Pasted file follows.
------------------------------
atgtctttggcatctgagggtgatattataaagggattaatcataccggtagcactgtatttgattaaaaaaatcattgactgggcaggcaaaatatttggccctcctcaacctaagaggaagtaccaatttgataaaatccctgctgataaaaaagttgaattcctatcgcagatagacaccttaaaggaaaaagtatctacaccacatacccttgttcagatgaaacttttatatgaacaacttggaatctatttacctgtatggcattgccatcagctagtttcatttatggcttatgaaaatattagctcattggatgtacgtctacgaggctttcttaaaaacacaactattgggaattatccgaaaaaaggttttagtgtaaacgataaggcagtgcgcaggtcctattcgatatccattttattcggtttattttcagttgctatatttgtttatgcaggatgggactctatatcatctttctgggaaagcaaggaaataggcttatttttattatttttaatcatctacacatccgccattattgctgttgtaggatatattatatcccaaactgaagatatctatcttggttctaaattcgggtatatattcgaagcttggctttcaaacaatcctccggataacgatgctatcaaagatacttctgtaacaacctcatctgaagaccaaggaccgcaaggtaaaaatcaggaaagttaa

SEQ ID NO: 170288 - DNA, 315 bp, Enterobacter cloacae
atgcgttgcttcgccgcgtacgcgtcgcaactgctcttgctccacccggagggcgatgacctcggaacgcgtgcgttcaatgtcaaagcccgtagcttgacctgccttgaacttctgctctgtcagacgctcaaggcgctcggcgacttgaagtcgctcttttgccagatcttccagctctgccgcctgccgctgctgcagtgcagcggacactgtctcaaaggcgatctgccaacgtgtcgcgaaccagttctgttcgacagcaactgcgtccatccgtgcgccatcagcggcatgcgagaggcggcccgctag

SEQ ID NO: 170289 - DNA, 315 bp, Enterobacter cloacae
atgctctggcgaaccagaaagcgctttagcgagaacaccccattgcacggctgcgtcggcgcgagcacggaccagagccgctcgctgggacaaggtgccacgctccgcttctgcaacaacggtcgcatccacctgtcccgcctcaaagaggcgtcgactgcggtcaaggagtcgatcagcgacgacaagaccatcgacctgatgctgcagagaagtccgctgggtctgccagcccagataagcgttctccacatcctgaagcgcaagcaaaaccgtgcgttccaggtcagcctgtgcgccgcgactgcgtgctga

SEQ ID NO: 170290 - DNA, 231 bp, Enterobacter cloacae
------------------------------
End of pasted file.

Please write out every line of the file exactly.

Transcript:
atgtctttggcatctgagggtgatattataaagggattaatcataccggtagcactgtatttgattaaaaaaatcattgactgggcaggcaaaatatttggccctcctcaacctaagaggaagtaccaatttgataaaatccctgctgataaaaaagttgaattcctatcgcagatagacaccttaaaggaaaaagtatctacaccacatacccttgttcagatgaaacttttatatgaacaacttggaatctatttacctgtatggcattgccatcagctagtttcatttatggcttatgaaaatattagctcattggatgtacgtctacgaggctttcttaaaaacacaactattgggaattatccgaaaaaaggttttagtgtaaacgataaggcagtgcgcaggtcctattcgatatccattttattcggtttattttcagttgctatatttgtttatgcaggatgggactctatatcatctttctgggaaagcaaggaaataggcttatttttattatttttaatcatctacacatccgccattattgctgttgtaggatatattatatcccaaactgaagatatctatcttggttctaaattcgggtatatattcgaagcttggctttcaaacaatcctccggataacgatgctatcaaagatacttctgtaacaacctcatctgaagaccaaggaccgcaaggtaaaaatcaggaaagttaa

SEQ ID NO: 170288 - DNA, 315 bp, Enterobacter cloacae
atgcgttgcttcgccgcgtacgcgtcgcaactgctcttgctccacccggagggcgatgacctcggaacgcgtgcgttcaatgtcaaagcccgtagcttgacctgccttgaacttctgctctgtcagacgctcaaggcgctcggcgacttgaagtcgctcttttgccagatcttccagctctgccgcctgccgctgctgcagtgcagcggacactgtctcaaaggcgatctgccaacgtgtcgcgaaccagttctgttcgacagcaactgcgtccatccgtgcgccatcagcggcatgcgagaggcggcccgctag

SEQ ID NO: 170289 - DNA, 315 bp, Enterobacter cloacae
atgctctggcgaaccagaaagcgctttagcgagaacaccccattgcacggctgcgtcggcgcgagcacggaccagagccgctcgctgggacaaggtgccacgctccgcttctgcaacaacggtcgcatccacctgtcccgcctcaaagaggcgtcgactgcggtcaaggagtcgatcagcgacgacaagaccatcgacctgatgctgcagagaagtccgctgggtctgccagcccagataagcgttctccacatcctgaagcgcaagcaaaaccgtgcgttccaggtcagcctgtgcgccgcgactgcgtgctga

SEQ ID NO: 170290 - DNA, 231 bp, Enterobacter cloacae